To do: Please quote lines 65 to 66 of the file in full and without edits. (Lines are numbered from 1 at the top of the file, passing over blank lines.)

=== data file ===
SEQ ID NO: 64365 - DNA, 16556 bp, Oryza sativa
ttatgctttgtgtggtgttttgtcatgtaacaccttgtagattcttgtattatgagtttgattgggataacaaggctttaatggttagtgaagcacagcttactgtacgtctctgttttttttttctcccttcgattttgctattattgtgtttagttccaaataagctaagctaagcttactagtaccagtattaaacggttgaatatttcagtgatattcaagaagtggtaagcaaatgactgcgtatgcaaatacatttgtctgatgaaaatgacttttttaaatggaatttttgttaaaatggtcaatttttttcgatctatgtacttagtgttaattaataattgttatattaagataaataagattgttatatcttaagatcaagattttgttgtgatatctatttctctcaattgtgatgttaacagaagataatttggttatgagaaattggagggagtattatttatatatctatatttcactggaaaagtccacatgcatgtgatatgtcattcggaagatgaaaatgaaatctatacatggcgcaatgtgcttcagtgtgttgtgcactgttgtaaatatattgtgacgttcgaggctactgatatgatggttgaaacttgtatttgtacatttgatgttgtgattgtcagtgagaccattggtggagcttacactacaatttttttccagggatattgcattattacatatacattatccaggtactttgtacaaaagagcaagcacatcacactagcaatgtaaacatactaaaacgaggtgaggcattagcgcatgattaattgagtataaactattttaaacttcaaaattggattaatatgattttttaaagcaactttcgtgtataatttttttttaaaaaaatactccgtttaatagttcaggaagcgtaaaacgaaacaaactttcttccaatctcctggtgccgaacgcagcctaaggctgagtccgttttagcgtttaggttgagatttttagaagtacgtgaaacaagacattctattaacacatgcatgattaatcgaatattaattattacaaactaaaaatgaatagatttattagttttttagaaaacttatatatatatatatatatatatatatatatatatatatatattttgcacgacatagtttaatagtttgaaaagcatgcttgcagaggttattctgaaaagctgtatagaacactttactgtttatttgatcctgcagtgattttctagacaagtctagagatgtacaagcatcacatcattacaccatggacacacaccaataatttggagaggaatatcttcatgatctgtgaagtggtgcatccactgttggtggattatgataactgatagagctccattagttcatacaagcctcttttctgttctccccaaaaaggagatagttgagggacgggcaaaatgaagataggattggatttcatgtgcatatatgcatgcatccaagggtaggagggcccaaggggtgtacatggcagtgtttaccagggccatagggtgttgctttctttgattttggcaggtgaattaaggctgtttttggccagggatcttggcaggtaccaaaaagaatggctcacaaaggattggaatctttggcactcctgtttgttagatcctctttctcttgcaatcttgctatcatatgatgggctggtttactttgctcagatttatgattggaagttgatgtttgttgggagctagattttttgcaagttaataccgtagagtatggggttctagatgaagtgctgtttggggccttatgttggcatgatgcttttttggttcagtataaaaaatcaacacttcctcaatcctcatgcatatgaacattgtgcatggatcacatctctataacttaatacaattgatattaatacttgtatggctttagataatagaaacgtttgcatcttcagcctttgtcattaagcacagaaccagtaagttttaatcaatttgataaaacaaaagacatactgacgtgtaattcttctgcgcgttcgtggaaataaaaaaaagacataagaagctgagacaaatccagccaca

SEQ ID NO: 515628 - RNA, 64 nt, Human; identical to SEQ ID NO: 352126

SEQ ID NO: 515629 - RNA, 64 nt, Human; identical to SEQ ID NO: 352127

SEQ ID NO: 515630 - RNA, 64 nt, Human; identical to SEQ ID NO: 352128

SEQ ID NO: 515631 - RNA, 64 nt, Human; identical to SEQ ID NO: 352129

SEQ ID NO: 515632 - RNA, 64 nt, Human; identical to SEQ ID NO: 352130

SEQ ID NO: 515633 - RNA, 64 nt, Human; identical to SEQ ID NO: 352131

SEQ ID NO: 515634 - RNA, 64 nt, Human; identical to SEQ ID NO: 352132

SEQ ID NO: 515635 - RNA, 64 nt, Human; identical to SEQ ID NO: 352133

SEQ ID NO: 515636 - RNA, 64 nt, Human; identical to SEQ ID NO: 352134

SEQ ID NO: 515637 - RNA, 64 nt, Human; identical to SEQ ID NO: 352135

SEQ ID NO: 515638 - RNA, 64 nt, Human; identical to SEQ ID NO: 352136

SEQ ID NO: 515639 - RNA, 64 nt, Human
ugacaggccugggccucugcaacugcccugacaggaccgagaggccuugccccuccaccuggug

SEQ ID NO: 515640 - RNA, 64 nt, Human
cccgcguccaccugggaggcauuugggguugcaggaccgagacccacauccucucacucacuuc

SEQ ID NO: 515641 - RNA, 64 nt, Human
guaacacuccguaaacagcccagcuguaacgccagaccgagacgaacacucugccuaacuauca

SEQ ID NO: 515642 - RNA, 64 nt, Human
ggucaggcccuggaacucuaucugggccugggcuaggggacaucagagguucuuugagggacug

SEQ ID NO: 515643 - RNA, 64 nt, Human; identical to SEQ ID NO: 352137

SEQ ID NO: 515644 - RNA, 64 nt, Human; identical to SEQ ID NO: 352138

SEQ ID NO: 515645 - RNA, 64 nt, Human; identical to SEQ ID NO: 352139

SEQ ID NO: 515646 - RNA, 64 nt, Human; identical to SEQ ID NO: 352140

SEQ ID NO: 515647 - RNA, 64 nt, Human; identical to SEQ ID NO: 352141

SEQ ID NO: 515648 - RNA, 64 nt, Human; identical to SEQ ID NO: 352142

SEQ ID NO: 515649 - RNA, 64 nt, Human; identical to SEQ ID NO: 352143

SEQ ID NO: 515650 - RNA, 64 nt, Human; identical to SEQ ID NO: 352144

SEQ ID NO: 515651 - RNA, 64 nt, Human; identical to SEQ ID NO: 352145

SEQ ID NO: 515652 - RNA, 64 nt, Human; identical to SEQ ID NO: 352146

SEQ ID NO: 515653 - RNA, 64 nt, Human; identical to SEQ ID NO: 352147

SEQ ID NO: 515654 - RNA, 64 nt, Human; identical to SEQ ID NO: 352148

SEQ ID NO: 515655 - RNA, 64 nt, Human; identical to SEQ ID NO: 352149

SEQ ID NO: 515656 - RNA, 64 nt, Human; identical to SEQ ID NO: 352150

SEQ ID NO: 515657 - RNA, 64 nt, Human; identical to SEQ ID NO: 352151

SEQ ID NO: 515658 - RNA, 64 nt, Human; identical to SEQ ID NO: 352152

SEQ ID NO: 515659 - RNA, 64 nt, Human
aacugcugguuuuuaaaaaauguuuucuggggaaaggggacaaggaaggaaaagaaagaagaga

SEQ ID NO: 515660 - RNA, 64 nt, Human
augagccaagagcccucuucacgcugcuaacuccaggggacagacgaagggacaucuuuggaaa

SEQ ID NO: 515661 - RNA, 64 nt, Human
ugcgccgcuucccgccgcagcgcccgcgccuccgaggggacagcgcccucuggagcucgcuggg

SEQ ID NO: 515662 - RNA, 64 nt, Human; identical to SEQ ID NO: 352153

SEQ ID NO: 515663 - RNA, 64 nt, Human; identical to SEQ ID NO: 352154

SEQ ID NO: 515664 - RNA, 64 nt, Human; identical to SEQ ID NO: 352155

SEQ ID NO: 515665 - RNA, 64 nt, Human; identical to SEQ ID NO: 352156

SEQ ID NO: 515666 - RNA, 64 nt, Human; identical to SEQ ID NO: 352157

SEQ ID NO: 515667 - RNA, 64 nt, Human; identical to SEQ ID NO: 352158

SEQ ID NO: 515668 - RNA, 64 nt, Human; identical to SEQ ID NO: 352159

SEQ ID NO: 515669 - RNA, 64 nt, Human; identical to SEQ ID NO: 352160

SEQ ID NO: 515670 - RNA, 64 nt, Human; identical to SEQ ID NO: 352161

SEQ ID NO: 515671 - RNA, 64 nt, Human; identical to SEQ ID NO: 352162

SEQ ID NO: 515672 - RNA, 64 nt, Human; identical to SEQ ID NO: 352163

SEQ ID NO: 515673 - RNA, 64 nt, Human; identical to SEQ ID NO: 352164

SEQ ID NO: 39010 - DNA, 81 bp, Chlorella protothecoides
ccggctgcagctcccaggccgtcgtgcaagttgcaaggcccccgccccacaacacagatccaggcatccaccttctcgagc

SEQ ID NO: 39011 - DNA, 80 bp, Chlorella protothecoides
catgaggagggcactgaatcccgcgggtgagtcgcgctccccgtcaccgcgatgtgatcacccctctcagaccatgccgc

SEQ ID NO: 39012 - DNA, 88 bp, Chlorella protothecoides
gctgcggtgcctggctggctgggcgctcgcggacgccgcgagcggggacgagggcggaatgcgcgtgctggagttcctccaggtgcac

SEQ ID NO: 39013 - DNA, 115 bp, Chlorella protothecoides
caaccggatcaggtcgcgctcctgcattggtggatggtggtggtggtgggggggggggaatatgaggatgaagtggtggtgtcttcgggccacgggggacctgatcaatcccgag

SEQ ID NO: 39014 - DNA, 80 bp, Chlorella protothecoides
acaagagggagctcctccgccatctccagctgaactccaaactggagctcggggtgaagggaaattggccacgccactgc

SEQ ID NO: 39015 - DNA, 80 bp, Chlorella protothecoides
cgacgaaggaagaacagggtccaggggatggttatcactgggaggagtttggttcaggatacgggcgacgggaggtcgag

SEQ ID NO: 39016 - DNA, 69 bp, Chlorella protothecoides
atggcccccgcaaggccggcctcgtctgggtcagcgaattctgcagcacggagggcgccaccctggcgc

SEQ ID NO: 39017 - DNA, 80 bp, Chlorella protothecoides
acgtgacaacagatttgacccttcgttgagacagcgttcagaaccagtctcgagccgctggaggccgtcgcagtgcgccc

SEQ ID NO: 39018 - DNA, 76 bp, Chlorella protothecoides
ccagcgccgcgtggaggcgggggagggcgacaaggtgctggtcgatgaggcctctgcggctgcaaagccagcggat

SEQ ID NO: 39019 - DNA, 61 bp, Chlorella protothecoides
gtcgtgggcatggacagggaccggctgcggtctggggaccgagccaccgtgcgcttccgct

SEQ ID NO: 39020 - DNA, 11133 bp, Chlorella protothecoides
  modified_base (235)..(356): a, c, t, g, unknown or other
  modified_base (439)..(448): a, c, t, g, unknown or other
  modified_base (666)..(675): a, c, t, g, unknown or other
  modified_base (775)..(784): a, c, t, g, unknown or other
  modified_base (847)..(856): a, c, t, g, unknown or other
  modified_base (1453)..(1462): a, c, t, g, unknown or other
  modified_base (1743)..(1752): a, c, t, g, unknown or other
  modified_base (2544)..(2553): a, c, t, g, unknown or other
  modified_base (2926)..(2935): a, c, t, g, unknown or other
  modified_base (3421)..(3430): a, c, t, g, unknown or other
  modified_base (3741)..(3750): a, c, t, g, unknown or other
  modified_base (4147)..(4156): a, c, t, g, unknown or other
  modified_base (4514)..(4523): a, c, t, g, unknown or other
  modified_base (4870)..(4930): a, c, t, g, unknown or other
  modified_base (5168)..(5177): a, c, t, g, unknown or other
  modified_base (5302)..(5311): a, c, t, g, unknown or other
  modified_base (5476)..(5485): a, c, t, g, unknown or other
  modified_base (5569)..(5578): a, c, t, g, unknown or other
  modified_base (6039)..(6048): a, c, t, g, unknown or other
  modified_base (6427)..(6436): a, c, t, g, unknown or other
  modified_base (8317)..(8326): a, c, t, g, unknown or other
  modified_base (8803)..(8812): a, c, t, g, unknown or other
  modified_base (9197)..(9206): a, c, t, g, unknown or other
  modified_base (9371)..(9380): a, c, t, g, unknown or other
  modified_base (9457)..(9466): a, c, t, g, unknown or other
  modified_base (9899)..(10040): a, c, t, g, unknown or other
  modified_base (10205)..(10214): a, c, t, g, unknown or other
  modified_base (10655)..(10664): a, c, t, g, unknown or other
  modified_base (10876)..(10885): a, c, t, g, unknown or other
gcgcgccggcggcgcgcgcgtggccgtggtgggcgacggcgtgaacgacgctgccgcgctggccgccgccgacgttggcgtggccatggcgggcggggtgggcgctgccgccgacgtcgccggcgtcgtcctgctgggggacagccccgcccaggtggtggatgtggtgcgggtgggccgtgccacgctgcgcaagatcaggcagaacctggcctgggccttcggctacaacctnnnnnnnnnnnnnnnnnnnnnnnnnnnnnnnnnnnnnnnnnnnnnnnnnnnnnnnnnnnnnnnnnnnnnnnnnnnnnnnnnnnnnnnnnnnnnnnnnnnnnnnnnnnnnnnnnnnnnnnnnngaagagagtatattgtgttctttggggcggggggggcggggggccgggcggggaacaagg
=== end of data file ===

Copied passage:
acaagagggagctcctccgccatctccagctgaactccaaactggagctcggggtgaagggaaattggccacgccactgc

SEQ ID NO: 39015 - DNA, 80 bp, Chlorella protothecoides